UK fishing farce: Jobs and factories could move to EU after ‘dog’s breakfast’ deal – paper

Brexit: Victoria Prentis slams EU over shellfish ban

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And the Shellfish Association of Great Britain (SAGB) has highlighted systematic failures by the Department for Environment, Fisheries and Rural Affairs (Defra), which it says has left it struggling with the post-Brexit reality. In the report ‘Seafood and Meat Exports to the EU’, which has been published today, the Environment, Food and Rural Affairs (EFRA) Committee highlights urgent concerns for exporters of highly time-sensitive fresh and live seafood and meat shipments to the EU, especially small- and medium-sized businesses.

‘Dog’s breakfast’ sums it up really

Jeremy Percy

The committee warns new barriers which small seafood and meat export businesses face could render them unviable, and factories and jobs may relocate to the EU.

The issue of shellfish exports has been highly contentious, with EU rules currently preventing the export of untreated goods to the continent – dealing a hammer blow to companies reliant on EU markets in the process.

Mr Percy, chairman of the New Under Ten Fishermen’s Association (NUFTA), told Express.co.uk: “’Dog’s breakfast’ sums it up really.

“The whole EU Exit with regard to fisheries has been a complete debacle from beginning to end.

“Our negotiators have yet to secure a long term deal with the EU on quotas or with Norway.

“The latter means that the UK’s largest fishing vessel, Kirkella [of UK Fisheries] is unable to fish in their waters as she would have been doing by now in normal times.

“So less fish not more, fewer and more expensive and complex exports, shellfish businesses in disarray, the smaller scale sector entirely shafted at not having the EU fleet removed from our 6-12 mile zone, despite ardent promises to the contrary by the Fisheries Minister.”

SAGB told the committee the problems stemmed from a question asked of the EU by Defra in September 2019 which was “insufficiently detailed, lacked clarity and was based on animal health considerations when the issue concerns food safety”.

Its statement, included in the report, explained: “The EU then replied to it in a way which was open to misinterpretation.

“Industry feels that there has been a lack of understanding of both industry practices and relevant legislation shown throughout the process by DEFRA and this has led directly to the current situation where industry cannot trade.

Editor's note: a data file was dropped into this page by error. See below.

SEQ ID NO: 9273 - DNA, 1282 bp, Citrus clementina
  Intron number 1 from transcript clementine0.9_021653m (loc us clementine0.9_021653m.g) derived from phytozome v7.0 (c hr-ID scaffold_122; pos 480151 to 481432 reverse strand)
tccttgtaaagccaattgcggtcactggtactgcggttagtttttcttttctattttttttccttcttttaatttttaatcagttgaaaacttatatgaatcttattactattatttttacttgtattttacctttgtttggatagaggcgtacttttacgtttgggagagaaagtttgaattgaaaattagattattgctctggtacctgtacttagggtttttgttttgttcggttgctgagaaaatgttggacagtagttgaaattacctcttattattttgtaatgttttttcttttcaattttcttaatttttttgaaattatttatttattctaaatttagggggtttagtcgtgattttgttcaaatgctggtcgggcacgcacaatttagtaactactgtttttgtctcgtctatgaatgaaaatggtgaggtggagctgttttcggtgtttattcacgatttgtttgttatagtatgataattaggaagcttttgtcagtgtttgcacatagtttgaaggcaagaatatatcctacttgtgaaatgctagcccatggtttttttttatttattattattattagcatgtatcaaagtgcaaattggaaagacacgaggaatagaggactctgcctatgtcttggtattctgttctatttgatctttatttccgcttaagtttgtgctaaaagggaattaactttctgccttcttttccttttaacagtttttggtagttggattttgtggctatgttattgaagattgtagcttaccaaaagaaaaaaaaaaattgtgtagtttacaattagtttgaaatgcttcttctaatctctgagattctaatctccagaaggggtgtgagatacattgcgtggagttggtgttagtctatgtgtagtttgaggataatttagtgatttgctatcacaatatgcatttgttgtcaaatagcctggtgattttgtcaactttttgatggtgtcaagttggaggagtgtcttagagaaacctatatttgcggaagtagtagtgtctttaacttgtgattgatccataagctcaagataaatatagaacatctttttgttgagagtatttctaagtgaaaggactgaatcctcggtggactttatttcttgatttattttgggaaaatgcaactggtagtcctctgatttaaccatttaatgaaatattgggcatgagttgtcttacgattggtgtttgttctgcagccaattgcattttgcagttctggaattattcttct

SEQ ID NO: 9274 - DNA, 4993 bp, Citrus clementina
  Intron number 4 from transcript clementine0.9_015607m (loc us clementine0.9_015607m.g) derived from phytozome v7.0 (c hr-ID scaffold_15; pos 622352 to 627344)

“Guidance was not sufficiently timely, targeted or joined-up. This has especially impacted smaller businesses, many of whom are handling export red tape for the first time.

“As the case of live bivalve molluscs (LBM) highlighted, Defra should have engaged with exporters more closely, in this case by sharing information it had received from the European Commission allowing the industry to point out that it did not provide the clarity Defra officials thought it did.

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“This resulted in the Government making a mistake in how the Commission would apply the relevant regulations, leading to the industry being compromised when it became clear that exports of LBM from aquaculture in Class B and C water that had not been depurated would be blocked.”

Neither was the EU exempt from criticism, with the statement adding: “We believe that the European Commission could and should have taken a more pragmatic approach to the interpretation of these rules.

“If the Government believes the EU to be legally incorrect, the Government should urgently challenge the European Commission’s stance.”

Explaining the report’s conclusions, chairman Neil Parish, Tory MP for Tiverton and Honiton, said: “We are concerned that in the absence of equivalent checks for imports from the EU to Great Britain, there will be serious long-term repercussions for our producers.

“As it stands, the playing field is not even, and the Government must ensure that the new timetable to introduce import checks is adhered to.

“Even as ‘teething problems’ are sorted, serious barriers remain for British exporters, and it is now imperative that the Government take steps to reduce these.

Luke Pollard MP, Labour’s Shadow Environment, Food and Rural Affairs Secretary, also responding to the EFRA report, said: “The cross-party Committee’s report is clear that the industry have been sold out by ministers’ woeful lack of understanding and failure to disclose crucial information from the EU as far back as September 2019.

“The shellfish export crisis has been caused by the Conservatives’ incompetent negotiations with the EU.

“George Eustice must now pursue a common sense solution with the EU to save what is left of our seafood exports, instead of trying to cover up his party’s failure to defend this important British industry.”

A UK Government spokesman said: “The Trade and Cooperation Agreement has allowed us to take back control of our money, borders, laws and waters. It enables us to strike trade deals around the world, to the benefit of agri-food businesses across the UK.

“We are providing the support that businesses need to adapt to our new trading relationship. This includes a £20M SME Brexit Support Fund, dedicated support for fishermen and seafood exporters, tripling the number of official certifiers to meet demand, and developing new digital trade platforms.

“The new timetable for introducing import checks is pragmatic and allows businesses more time to adjust as Covid-19 restrictions are lifted.

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